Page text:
Lemaitre likely gets that gold star. Slipher, with extrodinary efforts, was able to get the first real evidence for redshifting nebulae. [Recall that, back then, the view was that the MW was the extent of the Universe. Hubble was just beginning to establish that, as he called them, "extragalactic universes" were galaxies like the MW, at least the spirals.]
Lemaitre's exceptional understanding of GR allowed him to combine the evidence from Slipher and, with Hubble's new distance measurements, introduced his model -- he coined the Primeaval Atom, now known as the BBT. It broke the glass ceiling that was the Static model of the universe. [Hoyle, Gold and ???, failed to get the glass glued-back together in their Steady State model.]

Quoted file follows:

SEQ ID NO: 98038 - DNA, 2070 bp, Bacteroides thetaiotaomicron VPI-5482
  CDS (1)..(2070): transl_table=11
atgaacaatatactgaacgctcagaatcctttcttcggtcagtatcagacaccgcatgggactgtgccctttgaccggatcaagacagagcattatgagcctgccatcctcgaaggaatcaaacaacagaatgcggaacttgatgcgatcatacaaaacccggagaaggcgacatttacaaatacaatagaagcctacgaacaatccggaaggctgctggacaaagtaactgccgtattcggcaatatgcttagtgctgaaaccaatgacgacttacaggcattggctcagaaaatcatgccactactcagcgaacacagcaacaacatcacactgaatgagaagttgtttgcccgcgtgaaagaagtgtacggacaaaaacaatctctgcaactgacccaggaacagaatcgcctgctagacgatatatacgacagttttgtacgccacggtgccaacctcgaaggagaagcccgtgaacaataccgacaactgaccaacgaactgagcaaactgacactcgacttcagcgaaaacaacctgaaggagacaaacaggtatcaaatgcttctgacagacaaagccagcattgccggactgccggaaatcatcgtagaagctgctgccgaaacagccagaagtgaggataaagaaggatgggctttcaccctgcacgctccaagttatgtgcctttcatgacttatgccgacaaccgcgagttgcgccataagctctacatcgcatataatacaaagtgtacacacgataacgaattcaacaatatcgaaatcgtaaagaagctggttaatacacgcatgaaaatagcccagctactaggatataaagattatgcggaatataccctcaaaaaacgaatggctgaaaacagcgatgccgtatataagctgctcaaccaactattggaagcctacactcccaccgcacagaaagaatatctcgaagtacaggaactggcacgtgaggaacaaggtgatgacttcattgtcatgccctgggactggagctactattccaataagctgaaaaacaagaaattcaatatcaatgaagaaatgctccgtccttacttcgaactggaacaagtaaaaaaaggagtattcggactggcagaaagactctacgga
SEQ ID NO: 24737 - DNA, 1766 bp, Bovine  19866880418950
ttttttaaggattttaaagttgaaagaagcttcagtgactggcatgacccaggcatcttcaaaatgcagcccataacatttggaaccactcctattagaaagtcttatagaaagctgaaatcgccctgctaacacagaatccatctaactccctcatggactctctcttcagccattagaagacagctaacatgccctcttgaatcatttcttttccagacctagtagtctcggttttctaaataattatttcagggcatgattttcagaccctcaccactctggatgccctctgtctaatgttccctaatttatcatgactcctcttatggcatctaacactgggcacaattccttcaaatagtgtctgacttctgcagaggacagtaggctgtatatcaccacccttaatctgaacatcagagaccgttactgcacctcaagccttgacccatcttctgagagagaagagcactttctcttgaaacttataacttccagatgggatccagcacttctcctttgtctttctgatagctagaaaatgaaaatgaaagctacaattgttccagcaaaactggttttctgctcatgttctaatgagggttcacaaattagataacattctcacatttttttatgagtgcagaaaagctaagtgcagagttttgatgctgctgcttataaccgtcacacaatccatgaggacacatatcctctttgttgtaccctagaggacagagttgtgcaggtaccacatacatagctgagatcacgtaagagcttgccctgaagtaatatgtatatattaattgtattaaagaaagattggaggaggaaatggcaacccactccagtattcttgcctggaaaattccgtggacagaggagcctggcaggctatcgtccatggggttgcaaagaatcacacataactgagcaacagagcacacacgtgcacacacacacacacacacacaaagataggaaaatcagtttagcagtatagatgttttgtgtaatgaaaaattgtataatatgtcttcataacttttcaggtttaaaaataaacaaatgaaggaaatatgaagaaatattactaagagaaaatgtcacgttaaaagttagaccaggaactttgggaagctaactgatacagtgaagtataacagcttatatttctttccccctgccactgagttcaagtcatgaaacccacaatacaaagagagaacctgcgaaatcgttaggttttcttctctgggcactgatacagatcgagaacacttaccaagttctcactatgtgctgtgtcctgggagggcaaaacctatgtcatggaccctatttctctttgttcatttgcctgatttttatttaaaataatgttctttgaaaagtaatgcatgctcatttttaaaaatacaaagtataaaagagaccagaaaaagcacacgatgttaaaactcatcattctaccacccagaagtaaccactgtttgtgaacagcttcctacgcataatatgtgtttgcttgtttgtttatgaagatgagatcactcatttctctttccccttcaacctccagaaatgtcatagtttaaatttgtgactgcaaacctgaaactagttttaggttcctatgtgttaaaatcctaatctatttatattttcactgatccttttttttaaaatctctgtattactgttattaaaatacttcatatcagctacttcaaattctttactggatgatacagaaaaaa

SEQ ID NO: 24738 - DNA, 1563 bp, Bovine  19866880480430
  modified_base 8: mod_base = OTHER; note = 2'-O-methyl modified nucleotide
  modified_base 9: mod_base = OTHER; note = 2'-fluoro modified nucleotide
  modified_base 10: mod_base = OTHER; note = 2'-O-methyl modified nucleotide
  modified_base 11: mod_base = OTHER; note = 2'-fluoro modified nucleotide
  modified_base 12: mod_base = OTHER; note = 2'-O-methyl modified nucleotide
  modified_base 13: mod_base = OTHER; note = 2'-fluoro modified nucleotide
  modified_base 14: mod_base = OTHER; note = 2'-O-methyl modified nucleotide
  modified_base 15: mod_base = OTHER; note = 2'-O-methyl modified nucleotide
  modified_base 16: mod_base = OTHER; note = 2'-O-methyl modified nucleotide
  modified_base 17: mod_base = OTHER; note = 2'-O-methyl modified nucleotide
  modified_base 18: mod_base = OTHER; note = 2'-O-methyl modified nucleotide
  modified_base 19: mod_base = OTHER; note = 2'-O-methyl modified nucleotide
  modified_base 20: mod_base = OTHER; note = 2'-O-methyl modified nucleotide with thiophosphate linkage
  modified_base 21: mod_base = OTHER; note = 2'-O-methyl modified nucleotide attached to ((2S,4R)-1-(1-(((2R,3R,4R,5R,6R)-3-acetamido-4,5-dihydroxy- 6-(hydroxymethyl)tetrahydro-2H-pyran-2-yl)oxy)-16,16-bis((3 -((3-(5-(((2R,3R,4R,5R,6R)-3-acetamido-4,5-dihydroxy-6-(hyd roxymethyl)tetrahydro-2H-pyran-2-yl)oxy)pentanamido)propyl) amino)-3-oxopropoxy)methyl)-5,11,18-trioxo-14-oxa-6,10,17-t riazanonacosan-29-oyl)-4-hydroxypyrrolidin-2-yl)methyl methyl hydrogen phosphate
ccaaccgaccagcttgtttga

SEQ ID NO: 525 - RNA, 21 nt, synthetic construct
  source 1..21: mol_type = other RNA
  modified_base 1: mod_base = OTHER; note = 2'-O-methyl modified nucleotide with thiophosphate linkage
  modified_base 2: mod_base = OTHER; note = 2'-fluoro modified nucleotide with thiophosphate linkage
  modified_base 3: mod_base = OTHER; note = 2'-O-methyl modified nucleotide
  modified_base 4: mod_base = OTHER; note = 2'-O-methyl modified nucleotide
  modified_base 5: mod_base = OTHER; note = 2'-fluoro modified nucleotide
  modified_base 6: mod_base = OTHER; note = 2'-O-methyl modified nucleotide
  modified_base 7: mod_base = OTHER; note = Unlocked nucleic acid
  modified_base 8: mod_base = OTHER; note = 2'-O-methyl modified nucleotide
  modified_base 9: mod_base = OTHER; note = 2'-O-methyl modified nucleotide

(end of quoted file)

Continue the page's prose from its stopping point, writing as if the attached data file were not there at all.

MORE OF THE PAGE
Lemaitre even presented in his original paper an expansion rate for the universe, but he knew it was just a wild shot as more redshifts would be needed. These soon came from Hubble and Humason that established -- with far more accurate measurements -- many more redshifts.
But take note, following Hubble's new data, the revised expansion rate was horribly in error in spite of superior measurements. This was because Hubble, and astronomy, was not aware that Cepheids (used as a new distance measurement) came in two flavors and Hubble used the wrong one that he first found in Andromeda.